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General Information

Name in local language: 多々羅大橋 (Tatara Ōhashi)
Beginning of works: 1993
Completion: 1 May 1999
Status: in use

Project Type


Location: , ,
, ,
Part of:
Coordinates: 34° 15' 28.63" N    133° 3' 18.34" E
Coordinates: 34° 15' 40.47" N    133° 4' 19.76" E
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Technical Information


main span 890 m
total length 1 480 m
span lengths 270.0 m - 890.0 m - 320.0 m
clearance 26.0 m
walkway width 5.0 m
vertical navigation clearance 26 m
deck deck width 30.6 m
pylons pylon height 220.0 m


cost of construction ca. Japanese yen 140 000 000 000


cables steel
deck composite
pylons reinforced concrete

Excerpt from Wikipedia

The Tatara Bridge (多々羅大橋, Tatara Ōhashi) is a cable-stayed bridge that is part of the Nishiseto Expressway, commonly known as the Shimanami Kaidō しまなみ海道. The bridge has a center span of 890 metres (2,920 ft). As of 2010 it has the fourth longest main span of any cable-stayed bridge after the Sutong Bridge. The expressway is a series of roads and bridges that is one of the three routes of the Honshū-Shikoku Bridge Project connecting the islands of Honshū and Shikoku across the Seto Inland Sea in Japan. The Kurushima-Kaikyō Bridge is on the same route.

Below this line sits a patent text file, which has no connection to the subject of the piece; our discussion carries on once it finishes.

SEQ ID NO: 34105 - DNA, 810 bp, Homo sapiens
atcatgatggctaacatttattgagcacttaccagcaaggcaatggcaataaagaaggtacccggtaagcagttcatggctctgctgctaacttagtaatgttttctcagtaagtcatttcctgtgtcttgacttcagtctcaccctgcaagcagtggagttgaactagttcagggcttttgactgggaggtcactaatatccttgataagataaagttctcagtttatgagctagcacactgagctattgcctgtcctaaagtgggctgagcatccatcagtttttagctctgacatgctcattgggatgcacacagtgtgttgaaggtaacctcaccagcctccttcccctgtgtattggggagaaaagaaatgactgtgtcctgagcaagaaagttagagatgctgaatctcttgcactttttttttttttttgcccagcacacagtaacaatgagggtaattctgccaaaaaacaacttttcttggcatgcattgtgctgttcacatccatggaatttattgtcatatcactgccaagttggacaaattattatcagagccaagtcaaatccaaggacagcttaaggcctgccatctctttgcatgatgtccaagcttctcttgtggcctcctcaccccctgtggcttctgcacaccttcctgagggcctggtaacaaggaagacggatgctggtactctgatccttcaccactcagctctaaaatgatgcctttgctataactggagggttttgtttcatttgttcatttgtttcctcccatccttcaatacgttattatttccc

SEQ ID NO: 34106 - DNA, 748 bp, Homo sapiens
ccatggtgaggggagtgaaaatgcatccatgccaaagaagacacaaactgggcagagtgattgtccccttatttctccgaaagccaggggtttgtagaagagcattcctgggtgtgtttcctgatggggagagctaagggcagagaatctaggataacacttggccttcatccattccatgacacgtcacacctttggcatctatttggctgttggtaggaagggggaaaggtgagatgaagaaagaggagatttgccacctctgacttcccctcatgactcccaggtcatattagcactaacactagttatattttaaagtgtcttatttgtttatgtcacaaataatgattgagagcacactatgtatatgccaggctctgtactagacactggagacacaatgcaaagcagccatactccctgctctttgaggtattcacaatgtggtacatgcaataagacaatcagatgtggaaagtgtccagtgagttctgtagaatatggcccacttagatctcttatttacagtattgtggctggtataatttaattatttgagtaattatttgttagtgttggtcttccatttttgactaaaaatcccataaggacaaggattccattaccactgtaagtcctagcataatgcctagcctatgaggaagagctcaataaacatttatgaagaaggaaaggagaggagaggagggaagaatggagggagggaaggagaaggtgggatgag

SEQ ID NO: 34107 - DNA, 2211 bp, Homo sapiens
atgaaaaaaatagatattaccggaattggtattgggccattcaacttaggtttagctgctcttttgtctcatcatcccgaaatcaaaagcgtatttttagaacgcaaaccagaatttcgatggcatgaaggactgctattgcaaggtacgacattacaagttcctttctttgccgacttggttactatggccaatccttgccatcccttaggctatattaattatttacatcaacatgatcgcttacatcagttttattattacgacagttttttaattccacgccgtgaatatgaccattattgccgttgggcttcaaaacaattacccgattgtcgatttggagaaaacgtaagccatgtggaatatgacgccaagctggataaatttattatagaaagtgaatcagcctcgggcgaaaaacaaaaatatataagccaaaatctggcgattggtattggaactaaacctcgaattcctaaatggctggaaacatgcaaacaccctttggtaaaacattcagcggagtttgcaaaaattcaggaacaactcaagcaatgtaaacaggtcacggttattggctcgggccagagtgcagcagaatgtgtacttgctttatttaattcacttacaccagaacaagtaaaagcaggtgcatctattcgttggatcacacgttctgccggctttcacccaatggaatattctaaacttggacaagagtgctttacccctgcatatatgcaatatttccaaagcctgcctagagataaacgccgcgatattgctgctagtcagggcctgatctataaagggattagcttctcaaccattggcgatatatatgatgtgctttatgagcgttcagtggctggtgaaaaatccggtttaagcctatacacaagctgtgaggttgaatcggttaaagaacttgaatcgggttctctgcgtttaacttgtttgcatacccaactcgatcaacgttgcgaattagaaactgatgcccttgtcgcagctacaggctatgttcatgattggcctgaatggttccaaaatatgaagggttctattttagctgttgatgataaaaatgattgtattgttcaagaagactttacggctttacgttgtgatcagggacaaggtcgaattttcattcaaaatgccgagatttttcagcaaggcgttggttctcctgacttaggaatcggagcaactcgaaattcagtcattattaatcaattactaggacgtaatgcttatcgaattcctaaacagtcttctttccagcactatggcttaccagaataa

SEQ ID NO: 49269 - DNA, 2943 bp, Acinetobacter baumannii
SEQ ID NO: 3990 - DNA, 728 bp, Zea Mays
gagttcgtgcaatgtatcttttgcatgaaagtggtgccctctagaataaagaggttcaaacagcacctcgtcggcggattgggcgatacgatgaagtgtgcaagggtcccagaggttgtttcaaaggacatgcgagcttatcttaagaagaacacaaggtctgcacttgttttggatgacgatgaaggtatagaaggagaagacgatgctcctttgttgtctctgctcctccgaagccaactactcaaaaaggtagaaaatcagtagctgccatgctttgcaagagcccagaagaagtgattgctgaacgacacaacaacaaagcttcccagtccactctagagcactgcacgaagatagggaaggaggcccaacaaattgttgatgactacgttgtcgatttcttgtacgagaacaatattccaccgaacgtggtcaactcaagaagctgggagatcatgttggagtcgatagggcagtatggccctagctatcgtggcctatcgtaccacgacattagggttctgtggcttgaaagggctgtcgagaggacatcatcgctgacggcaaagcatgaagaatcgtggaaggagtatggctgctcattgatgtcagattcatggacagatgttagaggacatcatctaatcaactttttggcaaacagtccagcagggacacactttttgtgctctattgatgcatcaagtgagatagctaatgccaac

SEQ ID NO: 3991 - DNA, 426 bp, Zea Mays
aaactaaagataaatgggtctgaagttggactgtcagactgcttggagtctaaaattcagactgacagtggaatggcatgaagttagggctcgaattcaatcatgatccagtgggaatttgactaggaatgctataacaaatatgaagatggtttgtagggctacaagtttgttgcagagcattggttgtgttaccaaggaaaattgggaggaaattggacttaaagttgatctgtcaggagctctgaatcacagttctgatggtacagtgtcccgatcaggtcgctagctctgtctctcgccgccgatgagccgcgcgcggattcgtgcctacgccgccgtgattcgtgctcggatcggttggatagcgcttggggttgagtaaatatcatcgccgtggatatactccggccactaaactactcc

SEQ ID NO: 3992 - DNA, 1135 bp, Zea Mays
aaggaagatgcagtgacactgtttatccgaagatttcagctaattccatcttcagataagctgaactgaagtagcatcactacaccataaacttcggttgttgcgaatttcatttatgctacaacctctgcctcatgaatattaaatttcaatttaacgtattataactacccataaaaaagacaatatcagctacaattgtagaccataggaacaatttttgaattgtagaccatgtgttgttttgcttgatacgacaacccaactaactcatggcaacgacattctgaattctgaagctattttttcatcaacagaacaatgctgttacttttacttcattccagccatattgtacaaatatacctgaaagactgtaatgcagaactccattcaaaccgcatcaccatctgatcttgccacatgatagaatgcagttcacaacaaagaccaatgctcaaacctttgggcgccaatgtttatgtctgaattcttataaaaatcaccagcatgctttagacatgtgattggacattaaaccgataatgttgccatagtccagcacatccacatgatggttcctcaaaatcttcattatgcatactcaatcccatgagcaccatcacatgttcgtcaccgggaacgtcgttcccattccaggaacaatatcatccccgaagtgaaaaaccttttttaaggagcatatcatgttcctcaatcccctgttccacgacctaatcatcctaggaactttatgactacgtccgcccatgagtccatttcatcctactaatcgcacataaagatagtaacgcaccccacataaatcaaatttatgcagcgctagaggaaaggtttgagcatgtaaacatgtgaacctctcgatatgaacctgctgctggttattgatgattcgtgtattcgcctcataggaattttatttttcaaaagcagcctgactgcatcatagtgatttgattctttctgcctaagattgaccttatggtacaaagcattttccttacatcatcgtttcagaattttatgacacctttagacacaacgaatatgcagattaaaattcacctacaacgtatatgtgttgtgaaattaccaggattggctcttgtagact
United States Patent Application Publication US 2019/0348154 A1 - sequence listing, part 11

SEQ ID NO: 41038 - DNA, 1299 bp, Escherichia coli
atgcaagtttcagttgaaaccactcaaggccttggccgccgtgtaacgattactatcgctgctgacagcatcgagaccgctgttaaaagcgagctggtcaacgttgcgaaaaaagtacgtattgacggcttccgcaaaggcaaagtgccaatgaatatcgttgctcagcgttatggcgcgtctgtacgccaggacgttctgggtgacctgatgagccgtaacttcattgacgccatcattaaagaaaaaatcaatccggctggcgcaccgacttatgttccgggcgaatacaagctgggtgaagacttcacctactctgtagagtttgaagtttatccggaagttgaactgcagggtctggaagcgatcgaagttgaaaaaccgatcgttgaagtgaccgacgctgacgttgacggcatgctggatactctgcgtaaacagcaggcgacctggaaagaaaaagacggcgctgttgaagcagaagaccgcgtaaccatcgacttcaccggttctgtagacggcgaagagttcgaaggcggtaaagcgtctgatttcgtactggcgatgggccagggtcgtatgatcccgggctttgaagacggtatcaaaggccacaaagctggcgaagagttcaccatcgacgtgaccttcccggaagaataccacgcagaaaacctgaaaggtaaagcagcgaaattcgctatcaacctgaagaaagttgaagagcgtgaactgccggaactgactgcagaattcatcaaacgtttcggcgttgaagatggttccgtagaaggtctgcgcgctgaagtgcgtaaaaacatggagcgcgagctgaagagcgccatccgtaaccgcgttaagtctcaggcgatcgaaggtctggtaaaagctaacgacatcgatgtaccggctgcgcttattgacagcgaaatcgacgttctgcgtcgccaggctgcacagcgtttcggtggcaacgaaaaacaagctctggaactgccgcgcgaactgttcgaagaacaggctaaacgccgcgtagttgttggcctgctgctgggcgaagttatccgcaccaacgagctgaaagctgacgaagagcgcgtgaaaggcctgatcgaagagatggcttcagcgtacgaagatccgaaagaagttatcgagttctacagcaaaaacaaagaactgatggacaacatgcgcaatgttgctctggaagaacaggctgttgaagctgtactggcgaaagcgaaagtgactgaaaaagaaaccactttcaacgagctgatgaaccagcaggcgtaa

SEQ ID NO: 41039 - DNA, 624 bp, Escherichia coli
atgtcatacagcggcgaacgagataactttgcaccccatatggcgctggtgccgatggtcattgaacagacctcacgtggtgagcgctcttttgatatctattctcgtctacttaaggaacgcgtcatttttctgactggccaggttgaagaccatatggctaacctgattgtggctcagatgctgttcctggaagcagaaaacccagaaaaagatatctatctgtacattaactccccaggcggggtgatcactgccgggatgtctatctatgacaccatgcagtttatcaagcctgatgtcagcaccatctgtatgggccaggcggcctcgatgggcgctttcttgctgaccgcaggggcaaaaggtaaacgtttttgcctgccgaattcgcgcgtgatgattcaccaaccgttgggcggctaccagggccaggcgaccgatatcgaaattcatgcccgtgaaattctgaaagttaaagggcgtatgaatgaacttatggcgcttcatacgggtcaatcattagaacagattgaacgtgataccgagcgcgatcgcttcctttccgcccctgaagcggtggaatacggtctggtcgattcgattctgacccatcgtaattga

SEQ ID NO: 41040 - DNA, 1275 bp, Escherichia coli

The bridge, which opened on May 1, 1999, carries two lanes of traffic in each direction and has additional lanes for bicycles, motor bikes, and pedestrians.

The Tatara Bridge was originally planned as a suspension bridge in 1973. In 1989, the design was changed to a cable-stayed bridge with the same span. By building a cable-stayed bridge a large excavation for an anchorage would not be needed, thereby lessening the environmental impact on the surrounding area. The steel towers are 220 metres (722 ft) high and shaped like an inverted Y. The side-spans are 164.5 metres (540 ft) and 257.5 metres (845 ft) respectively, and there are also three very small cable spans.

Construction of the bridge took a little more than six years and was accomplished without any accidents. Many technological advancements were part of the design and testing of the bridge.

Text imported from Wikipedia article "Tatara Bridge" and modified on 18 May 2020 according to the CC-BY-SA 3.0 license.

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